Luoyang, May 29 (IANS) Wearing yellow robes and chanting mantras, dozens of Buddhist monks received President Pratibha Patil who dedicated a grand Indian-style temple to China as a ‘gift from the people of India to a sister civilisation’.
As rows of monks in brown and yellow gathered at the courtyard of the temple, which adjoins the famous White Horse Temple (Baima Si), Patil could not but feel proud on the historic occasion, saying it will be ‘perceived by generations to come as a testimony of our friendship.’
As the huge gates were closed to the public due to the visit of Patil – who is on a six-day trip to China – hundreds of people gathered outside, waving at the delegates and clamouring to see the complex that took five years to complete and was constructed at the cost of Rs.18 crore ($4 million).
‘It gives me great pleasure to be here in Luoyang to dedicate the Indian-style Buddhist temple in the White Horse Temple complex, to friendship between the people of India and the people of China,’ she said.
‘Historically, it has the unique distinction of symbolizing an inter-mingling of Indian and Chinese cultures,’ said Patil, who chose to wear a mustard coloured sari to mark the auspicious occasion as yellow stands for piousness.
The White Horse Temple itself was built in the first century A.D. in honour of two Indian monks who travelled on white steeds, carrying with them religious texts and an image of the Buddha.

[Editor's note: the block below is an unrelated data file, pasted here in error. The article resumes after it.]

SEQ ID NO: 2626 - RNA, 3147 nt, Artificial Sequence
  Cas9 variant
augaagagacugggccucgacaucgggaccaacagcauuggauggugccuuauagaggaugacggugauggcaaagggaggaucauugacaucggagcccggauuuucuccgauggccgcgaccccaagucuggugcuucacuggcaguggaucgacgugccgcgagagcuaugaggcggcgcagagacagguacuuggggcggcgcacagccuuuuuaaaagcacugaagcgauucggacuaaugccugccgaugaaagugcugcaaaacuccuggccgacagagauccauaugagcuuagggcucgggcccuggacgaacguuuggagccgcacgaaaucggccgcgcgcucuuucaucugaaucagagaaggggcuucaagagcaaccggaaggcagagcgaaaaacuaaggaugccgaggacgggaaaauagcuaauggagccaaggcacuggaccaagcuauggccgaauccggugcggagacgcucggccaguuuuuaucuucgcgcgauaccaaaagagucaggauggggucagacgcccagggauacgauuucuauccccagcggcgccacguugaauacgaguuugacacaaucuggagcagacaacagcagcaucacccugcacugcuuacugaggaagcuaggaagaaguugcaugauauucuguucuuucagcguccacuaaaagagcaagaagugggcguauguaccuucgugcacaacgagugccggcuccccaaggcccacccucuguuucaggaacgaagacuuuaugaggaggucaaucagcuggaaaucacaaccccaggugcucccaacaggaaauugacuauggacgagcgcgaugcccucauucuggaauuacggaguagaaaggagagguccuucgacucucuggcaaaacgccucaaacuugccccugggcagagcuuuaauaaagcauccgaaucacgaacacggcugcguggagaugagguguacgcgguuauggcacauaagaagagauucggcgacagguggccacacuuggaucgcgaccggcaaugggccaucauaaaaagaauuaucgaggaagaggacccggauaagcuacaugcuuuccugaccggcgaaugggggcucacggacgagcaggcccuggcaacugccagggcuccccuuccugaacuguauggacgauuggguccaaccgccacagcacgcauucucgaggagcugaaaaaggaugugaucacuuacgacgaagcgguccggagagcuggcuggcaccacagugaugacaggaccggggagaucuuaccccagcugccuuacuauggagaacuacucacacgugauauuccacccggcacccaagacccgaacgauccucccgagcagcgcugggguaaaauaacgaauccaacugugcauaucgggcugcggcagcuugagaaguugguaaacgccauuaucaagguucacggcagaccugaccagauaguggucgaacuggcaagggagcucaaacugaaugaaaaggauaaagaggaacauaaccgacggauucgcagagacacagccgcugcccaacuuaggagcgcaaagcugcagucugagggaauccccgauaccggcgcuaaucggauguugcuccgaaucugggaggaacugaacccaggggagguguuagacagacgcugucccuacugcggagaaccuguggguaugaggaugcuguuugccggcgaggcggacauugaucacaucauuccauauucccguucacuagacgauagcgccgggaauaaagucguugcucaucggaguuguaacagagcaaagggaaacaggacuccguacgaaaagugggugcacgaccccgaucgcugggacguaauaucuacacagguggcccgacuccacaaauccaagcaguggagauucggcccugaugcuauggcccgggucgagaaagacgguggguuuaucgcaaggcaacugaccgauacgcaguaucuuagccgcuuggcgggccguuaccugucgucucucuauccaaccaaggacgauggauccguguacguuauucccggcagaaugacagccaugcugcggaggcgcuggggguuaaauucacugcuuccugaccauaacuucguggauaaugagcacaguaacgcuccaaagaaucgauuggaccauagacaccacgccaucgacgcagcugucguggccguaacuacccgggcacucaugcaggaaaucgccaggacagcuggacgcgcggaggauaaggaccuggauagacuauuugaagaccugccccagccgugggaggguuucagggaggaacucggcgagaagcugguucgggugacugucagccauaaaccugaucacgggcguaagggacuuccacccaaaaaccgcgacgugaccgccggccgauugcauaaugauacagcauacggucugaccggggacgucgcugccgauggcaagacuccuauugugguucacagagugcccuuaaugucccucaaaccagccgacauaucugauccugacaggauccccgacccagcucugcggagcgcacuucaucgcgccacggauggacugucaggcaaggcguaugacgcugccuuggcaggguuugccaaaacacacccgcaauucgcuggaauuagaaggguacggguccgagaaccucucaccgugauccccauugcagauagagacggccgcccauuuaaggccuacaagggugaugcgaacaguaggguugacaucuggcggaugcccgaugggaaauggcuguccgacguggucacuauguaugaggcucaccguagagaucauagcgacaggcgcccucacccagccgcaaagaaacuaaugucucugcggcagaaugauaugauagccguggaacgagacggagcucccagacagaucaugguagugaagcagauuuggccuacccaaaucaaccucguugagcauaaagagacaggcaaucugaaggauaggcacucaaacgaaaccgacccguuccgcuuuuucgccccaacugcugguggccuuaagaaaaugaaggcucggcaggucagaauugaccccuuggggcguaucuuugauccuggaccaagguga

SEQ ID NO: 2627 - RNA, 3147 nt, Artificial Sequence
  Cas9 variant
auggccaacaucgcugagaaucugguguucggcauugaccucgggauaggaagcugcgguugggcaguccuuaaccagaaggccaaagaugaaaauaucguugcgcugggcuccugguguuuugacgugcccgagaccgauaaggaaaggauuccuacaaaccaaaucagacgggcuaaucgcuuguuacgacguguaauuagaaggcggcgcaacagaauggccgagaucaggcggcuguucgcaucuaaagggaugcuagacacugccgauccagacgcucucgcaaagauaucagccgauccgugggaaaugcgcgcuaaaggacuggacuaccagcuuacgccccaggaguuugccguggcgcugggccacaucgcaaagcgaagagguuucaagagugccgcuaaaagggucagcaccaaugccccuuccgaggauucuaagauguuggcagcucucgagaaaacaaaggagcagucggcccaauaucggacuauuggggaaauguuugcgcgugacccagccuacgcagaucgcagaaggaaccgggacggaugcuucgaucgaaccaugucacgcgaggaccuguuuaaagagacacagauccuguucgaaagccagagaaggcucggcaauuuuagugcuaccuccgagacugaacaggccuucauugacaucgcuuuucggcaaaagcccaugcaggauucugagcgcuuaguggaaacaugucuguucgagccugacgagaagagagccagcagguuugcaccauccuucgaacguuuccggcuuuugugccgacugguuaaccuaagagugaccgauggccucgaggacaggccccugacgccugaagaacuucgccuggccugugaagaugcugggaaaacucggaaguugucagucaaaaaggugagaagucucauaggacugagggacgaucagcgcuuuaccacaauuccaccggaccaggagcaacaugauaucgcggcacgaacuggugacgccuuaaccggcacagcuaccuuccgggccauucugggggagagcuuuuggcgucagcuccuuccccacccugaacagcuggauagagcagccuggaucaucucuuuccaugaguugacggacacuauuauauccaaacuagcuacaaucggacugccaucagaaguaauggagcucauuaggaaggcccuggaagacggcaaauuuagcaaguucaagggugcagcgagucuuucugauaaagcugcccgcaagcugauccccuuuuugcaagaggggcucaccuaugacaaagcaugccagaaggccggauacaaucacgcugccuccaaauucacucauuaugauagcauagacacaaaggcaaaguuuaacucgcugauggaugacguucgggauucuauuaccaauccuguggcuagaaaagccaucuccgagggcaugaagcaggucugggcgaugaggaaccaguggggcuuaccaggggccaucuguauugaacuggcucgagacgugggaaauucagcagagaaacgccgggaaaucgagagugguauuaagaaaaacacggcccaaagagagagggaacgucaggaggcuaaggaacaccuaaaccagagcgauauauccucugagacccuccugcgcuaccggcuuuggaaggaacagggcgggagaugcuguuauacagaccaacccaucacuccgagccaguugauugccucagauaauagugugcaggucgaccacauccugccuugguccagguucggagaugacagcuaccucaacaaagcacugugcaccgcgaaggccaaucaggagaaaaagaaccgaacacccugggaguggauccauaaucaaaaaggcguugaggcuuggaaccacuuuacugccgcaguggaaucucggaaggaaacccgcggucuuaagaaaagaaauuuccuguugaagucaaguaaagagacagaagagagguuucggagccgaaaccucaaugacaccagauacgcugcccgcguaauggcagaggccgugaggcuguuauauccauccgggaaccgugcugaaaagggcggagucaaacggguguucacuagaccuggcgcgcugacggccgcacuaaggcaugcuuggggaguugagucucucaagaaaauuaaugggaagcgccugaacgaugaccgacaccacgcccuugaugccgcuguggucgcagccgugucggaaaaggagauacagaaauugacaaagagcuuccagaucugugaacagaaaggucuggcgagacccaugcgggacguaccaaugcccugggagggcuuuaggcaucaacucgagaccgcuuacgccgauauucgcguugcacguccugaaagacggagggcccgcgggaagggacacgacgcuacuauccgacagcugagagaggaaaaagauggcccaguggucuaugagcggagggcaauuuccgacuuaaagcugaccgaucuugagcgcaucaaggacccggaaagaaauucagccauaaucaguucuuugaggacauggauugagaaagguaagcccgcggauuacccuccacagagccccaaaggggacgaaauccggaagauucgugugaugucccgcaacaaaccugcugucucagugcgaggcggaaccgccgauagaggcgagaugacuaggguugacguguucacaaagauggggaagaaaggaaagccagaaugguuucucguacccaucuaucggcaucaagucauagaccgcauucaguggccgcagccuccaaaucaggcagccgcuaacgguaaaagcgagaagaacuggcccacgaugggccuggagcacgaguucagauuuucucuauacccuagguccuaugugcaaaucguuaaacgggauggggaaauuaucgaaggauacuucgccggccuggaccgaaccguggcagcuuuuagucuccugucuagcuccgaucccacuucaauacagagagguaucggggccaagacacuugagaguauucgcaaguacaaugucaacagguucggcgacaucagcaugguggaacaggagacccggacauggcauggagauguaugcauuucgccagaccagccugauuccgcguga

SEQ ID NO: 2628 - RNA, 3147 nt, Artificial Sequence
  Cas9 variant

The two monks, Kashyapamatanga and Dharmaratna, Patil said, had contributed significantly to the birth of Buddhism in China and lauded the role of Chinese travellers and scholars.
Led by Ying Le, chief abbot of the Buddhist temple, which is modelled on the Sanchi Stupa in Madhya Pradesh, Patil prayed at the feet of the 16-feet tall statue of Buddha in a preaching position.
‘Its construction is the outcome of the dedicated work of countless individuals and organisations in the two countries. It has been a labour of love for the Indian craftsmen who worked painstakingly on the beautiful carvings and artistic decorations that adorn it,’ said Patil, who came from Beijing to Luoyang on her way to Shanghai.
‘I hope that this shrine will further enhance people-to-people contact between India and China by encouraging greater exchange in the current age and in times to come,’ Patil said, who also laid wreaths at the graves of the two Indian monks.
Over 600 km from Beijing, the temple has a dome that is 63 feet in height and 80 feet in diameter and is Indian not only in concept and design but also the material that has gone into its construction. A variety of stones in many textures from Kota and Jaisalmer in Rajasthan as well as marbles and granite were carried in 200 containers to China, Akshaya Jain, one of the architects of the complex, who was present on the ocassion, told IANS.
‘Fusing ancient principles of design with modern technological skill and architectural inspiration, the project bridges 2,000 years of history to add a significant chapter to India-China cultural relations,’ said his partner Raka Chakravarty.
The idea of the temple was proposed by China in 2003 when then Indian prime minister Atal Bihari Vajpayee visited Luoyang. He promptly accepted the idea, realising the importance of a Buddhist shrine as a means for people-to-people contact. A Memorandum of Understanding (MoU) was signed during Prime Minister Manmohan Singh’s visit in 2005.
India has provided technical, financial and other support for the temple that stands on a 6,000 square metre plot provided by the Chinese government.
Sanchi in Madhya Pradesh is known for its stupas, monasteries, temples and pillars dating from the 3rd century B.C. to the 12th century A.D. The most famous of these monuments, the Sanchi Stupa, was originally built by emperor Asoka.